RoSPA re-issues baby bath seat advice following tragedy

The Royal Society for the Prevention of Accidents is re-issuing its guidance about baby bath seats – and re-evaluating the safety warnings that accompany them – following discussions among parents prompted by the latest tragedy.

An inquest into the death of a nine-month-old girl – who drowned after slipping out of a bath seat while left unattended – took place in Gloucester this week, and the coroner recorded a verdict of accidental death.

RoSPA is re-issuing its advice because of ongoing confusion about whether children can be left unattended in bath seats.

Peter Cornall, RoSPA head of leisure safety, said:, “We rarely advise parents to ‘never’ do something. But when it comes to baths, the advice has to be: never leave babies and young children unattended. This advice stands whether or not you are using a bath seat, as a way of preventing both drowning and scalds.

“Between 2003 and 2007, ten children aged two-years-old or under drowned accidentally in the bath in the UK. Four of these incidents involved a bath seat.

“A child can drown in a bath very quickly and quietly. We have heard of many tragic cases in which a parent or carer has gone to get a towel or to answer the door or telephone and their child has drowned in the time they were away. In some cases, parents had thought a bath seat would hold their child securely while they were out of the room, but we cannot overstate the fact that seats must not be used in this way – not even for just a moment.”

In 2003, following a number of bath seat-related drownings, RoSPA called for notices urging parents to never leave children unattended in the bath to be displayed prominently where the items were on sale and on bath seat packaging.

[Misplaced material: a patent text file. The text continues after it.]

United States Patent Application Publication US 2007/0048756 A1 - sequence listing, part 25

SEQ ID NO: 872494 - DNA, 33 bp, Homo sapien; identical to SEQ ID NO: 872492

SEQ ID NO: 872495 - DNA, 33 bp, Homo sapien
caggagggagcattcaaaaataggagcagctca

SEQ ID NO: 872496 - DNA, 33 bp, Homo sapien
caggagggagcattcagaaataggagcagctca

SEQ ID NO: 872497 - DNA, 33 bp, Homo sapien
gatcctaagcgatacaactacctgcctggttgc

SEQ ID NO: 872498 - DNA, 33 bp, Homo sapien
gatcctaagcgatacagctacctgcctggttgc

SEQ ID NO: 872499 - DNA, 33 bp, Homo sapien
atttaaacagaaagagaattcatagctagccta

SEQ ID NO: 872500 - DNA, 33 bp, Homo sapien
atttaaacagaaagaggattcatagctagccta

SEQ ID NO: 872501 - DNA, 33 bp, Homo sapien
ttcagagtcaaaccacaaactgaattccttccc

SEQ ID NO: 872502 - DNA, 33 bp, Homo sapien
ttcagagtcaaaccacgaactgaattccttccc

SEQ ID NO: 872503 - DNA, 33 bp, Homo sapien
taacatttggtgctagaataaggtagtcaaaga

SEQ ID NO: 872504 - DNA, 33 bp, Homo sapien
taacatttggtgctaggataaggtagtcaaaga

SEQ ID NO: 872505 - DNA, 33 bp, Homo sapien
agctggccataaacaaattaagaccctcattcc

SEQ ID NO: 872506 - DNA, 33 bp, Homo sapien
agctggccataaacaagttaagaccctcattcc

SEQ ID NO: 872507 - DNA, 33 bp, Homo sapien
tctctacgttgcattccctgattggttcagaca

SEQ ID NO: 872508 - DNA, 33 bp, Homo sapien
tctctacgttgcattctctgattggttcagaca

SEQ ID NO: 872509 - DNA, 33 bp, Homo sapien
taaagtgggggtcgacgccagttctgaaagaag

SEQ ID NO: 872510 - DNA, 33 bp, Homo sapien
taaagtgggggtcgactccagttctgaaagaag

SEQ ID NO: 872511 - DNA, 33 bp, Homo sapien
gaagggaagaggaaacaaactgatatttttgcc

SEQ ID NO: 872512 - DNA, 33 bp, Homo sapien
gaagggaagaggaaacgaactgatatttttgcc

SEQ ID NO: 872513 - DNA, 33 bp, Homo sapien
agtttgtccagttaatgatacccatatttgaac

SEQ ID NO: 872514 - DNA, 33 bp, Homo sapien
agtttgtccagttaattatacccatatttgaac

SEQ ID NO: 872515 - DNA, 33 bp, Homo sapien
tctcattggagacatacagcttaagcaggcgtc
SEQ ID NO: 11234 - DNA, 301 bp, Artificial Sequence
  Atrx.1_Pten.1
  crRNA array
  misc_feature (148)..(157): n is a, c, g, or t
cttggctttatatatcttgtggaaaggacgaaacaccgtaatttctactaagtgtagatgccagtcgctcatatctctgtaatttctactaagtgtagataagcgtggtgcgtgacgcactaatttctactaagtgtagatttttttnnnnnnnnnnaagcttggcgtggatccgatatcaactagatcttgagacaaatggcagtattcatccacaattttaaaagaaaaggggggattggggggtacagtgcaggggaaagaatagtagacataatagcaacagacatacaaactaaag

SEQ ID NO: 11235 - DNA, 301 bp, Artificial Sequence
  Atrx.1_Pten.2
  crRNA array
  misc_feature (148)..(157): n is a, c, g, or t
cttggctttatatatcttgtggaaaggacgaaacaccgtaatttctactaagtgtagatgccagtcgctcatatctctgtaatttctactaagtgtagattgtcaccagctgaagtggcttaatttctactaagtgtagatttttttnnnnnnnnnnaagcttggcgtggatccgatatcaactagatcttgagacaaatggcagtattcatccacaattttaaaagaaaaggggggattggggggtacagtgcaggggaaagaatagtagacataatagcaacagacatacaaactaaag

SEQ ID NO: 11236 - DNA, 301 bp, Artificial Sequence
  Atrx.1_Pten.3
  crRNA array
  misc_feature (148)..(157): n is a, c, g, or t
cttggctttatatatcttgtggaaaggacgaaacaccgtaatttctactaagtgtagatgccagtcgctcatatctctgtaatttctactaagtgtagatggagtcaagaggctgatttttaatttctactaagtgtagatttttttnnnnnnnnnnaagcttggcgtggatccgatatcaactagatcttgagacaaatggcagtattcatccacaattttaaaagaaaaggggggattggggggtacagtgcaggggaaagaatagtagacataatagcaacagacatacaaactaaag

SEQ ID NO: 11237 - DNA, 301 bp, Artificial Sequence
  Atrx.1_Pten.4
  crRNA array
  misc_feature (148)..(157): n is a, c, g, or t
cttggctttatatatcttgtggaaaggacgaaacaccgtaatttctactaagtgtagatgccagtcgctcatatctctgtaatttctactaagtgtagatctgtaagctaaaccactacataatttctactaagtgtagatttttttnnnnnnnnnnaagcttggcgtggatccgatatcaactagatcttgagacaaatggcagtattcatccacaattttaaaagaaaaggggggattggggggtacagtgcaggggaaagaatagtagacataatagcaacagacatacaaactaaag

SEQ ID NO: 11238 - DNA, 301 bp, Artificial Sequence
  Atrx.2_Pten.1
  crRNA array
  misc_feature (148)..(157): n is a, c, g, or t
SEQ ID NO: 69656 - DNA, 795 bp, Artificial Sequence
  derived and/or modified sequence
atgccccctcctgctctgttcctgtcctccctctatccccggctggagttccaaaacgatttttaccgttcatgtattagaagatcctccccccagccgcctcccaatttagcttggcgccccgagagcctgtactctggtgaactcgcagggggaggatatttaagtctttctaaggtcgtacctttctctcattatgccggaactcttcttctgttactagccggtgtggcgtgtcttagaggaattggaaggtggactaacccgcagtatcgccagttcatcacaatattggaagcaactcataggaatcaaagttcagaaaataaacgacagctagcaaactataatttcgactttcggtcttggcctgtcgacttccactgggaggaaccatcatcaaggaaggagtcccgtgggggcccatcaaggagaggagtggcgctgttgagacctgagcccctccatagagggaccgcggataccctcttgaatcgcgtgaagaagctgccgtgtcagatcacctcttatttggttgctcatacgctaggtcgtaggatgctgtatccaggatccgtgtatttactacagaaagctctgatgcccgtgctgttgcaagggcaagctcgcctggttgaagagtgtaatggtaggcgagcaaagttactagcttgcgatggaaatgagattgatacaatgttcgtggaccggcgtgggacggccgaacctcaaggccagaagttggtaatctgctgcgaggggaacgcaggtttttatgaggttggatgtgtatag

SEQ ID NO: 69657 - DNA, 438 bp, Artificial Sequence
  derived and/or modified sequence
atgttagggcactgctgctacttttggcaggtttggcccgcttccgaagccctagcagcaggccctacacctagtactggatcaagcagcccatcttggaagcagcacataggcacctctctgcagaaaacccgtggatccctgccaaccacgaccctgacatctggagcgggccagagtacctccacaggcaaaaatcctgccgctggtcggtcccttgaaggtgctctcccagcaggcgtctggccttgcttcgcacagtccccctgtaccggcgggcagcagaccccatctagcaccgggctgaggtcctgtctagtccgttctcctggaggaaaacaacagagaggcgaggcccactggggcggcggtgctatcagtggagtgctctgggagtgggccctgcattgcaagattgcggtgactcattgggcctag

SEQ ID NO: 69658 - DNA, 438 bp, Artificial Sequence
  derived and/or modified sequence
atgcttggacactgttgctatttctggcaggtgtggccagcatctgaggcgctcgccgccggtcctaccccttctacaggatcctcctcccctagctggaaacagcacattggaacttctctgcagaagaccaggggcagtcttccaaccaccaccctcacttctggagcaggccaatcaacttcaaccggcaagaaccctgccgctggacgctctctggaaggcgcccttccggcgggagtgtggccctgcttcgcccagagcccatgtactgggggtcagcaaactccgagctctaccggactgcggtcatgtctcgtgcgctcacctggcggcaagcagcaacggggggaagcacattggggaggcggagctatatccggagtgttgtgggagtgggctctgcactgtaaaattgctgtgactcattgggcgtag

And in 2005, RoSPA and other safety experts published the findings of research into whether bath seats provided a false reassurance to parents. The study found that a baby drowning after being placed in a bath seat was a rare but definite cause of death. It said it was unclear whether putting a baby in a bath seat represented an increased risk of drowning, but concluded that bath seats did appear to give a false sense of security, even if this was not encouraged by manufacturers.

RoSPA will now investigate whether its guidance about warning messages has been heeded, and whether such messages are read and understood by parents and carers.

The European Commission is currently in the process of updating safety standards for a range of child care products, including baby bath seats, for which there is currently no EU standard.

Peter Cornall said, “Even with a new standard, parental supervision is fundamental. We must avoid a situation in which better-designed products lead to an even greater sense of false reassurance. No matter what attempts are made to make the design safer, if parents are there when the seat tips over or the child clambers out, they can do something about it – they can’t if they’re not there.”

The 2005 research is available at www.rospa.com/productsafety/info/bathseats_drowning.pdf

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